LONDON - Olympic competition finally kicked off Wednesday, two days before the London Games' official opening ceremony, although the joy of the first day of sport was tempered by athletics' ruling body saying it had suspended nine track and field competitors for what it called "sophisticated doping."
The Olympics got its first security scare — a false alarm — with Britain's Ministry of Defence scrambling a Typhoon fighter jet to intercept a commercial airliner too close to the London Olympics site.
The Games also got their first diplomatic incident when North Korea's women's soccer team refused to take the field for nearly an hour for its match against Colombia after organizers mistakenly displayed the South Korean flag on a giant screen at Hampden Park stadium during player introductions.
Organizers quickly acknowledged their mistake and said "steps will be taken to ensure this does not happen again."
Stephanie Houghton gave Team GB its first win of the games by firing home a second-half free kick to seal a 1-0 football win over New Zealand at the Millennium Stadium in Cardiff.
The match was one of six women's soccer games that opened the sport program for the London Games.
The International Amateur Athletics Federation announced it had suspended eight athletes for two years and one for four years for "sophisticated doping," including one case of human growth hormone and two of synthetic testosterone.
Three were caught in retests of samples from last year's world championships in Daegu, South Korea, and six were caught in biological passport tests, which measure changes in an athlete's blood profile.
"This is the second finding of growth hormone in athletics and one of only a very few to date in sport as a whole," the IAAF said.
It will probably not be the last. A new doping test for human growth hormone will be used at the London Olympics after it was cleared just weeks ago following a 13-year process.
David Howman, director general of the World Anti-Doping Agency, said the new procedure will be used alongside the existing test for HGH.
Among those suspended was Ukraine's Nataliya Tobias, who won a bronze medal in the 1,500 metres at the 2008 Beijing Olympics. She tested positive for testosterone in further analysis of urine samples from Daegu, where she finished ninth in the 1,500.
The IAAF said Bulgarian sprinter Inna Eftimova, who was eliminated in the 100-metre heats in Daegu, tested positive for synthetic growth hormone.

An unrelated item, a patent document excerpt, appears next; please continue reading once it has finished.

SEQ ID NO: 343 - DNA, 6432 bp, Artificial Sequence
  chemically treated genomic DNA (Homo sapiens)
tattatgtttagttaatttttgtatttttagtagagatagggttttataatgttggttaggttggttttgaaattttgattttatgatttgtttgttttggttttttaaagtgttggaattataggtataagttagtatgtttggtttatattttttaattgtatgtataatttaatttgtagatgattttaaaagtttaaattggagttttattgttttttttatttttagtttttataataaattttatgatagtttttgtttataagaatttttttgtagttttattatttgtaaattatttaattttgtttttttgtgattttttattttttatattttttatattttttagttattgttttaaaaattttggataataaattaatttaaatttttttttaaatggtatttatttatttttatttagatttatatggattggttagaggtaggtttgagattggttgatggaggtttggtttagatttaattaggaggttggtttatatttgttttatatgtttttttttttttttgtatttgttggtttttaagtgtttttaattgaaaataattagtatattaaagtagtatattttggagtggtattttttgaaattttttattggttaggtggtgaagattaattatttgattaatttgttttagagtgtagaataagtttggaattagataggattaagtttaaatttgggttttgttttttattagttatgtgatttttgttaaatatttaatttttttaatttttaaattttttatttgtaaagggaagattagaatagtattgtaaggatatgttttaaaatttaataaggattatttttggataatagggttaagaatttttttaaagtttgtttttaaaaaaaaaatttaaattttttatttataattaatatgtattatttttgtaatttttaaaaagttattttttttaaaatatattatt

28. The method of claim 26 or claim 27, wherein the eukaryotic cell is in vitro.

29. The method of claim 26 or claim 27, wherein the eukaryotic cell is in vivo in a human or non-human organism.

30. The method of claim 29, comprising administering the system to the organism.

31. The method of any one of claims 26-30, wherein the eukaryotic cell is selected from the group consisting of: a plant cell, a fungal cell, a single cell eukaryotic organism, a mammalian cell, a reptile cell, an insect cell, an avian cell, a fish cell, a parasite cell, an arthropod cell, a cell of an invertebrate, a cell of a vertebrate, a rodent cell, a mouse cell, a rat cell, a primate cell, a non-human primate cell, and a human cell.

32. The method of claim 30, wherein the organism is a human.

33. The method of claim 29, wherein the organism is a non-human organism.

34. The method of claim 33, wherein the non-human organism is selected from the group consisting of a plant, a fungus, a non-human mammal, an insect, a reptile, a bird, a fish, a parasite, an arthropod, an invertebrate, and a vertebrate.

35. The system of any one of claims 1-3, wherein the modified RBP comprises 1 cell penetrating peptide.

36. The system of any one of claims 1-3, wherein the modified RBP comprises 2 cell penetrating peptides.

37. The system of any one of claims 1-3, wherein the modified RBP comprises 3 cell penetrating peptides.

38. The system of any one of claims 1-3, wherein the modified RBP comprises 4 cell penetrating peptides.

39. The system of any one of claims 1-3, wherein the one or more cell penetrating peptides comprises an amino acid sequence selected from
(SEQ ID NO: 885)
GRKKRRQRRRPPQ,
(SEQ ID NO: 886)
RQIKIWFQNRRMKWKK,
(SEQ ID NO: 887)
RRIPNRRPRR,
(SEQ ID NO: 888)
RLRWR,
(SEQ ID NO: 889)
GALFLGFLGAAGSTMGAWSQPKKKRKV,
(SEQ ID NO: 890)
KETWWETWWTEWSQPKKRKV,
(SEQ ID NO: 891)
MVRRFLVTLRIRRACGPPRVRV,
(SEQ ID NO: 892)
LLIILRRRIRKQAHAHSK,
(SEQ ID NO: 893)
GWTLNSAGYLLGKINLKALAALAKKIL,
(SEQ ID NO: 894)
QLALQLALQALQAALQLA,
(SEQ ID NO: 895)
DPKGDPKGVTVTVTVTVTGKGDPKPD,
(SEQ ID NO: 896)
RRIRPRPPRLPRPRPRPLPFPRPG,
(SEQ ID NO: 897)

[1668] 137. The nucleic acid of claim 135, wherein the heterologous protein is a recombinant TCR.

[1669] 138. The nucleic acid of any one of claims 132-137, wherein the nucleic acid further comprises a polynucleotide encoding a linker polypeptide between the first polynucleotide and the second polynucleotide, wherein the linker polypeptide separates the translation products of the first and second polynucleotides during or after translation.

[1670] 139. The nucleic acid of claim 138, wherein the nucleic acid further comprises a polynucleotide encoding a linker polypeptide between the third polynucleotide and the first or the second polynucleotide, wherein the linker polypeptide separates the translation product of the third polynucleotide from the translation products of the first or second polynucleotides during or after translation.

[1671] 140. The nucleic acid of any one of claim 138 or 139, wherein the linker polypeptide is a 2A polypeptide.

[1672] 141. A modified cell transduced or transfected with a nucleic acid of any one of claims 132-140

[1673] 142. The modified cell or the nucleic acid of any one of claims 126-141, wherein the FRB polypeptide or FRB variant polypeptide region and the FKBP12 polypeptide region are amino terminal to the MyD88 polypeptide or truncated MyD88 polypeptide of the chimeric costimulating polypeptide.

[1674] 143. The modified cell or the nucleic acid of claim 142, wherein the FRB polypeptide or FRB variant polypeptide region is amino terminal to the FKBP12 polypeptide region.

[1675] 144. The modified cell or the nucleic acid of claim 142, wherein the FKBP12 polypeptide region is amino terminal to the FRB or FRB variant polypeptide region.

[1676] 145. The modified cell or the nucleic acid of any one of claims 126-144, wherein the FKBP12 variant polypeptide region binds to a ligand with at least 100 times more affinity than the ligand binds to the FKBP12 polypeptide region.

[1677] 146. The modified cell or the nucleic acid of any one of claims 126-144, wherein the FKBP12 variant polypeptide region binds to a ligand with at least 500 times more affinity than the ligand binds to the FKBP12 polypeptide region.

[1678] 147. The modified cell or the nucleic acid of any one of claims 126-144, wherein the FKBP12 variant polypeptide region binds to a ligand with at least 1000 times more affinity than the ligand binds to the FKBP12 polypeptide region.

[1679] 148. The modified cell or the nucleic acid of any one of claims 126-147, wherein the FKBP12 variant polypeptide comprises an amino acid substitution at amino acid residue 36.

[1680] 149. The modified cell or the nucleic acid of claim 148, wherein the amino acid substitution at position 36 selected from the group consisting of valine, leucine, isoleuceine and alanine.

Also out of the games was Greek triple jumper Voula Papachristou, kicked off her country's team for a tweet mocking African immigrants.
Commenting on the widely reported appearance of Nile-virus-carrying mosquitoes in Athens, Papachristou wrote: "With so many Africans in Greece, the West Nile mosquitoes will be getting home food!!!"
The Hellenic Olympic Committee ejected Papachristou "for statements contrary to the values and ideas of the Olympic movement."
The 23-year-old later apologized — also via social media — saying "I could never believe in discrimination between human beings and races."
London's Olympic transport plan got a major test, as lanes reserved for Olympic VIPs came into force and the city's creaky subway system struggled with glitches.
Traffic jams blocked some of the main routes into the city as the wildly unpopular "Games Lanes" came into force. The 48 kilometres of lanes are to operate from 6 a.m. to midnight throughout the games, and cars or taxi cabs that stray into them face a 130-pound ($200) fine.
Thousands of London drivers have switched to public transport, only to encounter severe delays on several underground subway lines caused by power supply problems and signal failures. Long holdups were reported Wednesday on the city's Central and Hammersmith subway lines with ripple delays affecting other lines.
Even London's new river-crossing cable car — opened just last month — hit a problem, with a technical fault stranding passengers above the River Thames for roughly half an hour.
Officials who have been telling Londoners for weeks to allow extra time for travel or just stay home advised that most British of reactions: a stiff upper lip.
"There will be a lot of disruption and London is a congested city anyway," Transport Secretary Justine Greening told BBC television.
It wasn't all bad traffic news. Fans flying into London's Heathrow Airport could breathe a sigh of relief after immigration staff called off a pre-Olympics strike. The 24-hour-long walkout had been planned for Thursday, potentially snarling incoming traffic on one of the busiest days at Europe's busiest airport.
One airliner caused the Games' first security scare when it flew a bit too close to the Olympics for comfort.
A Typhoon fighter was scrambled shortly before noon because the plane was not in contact with air-traffic control.
Communications were quickly restored and no further action was required, the ministry said.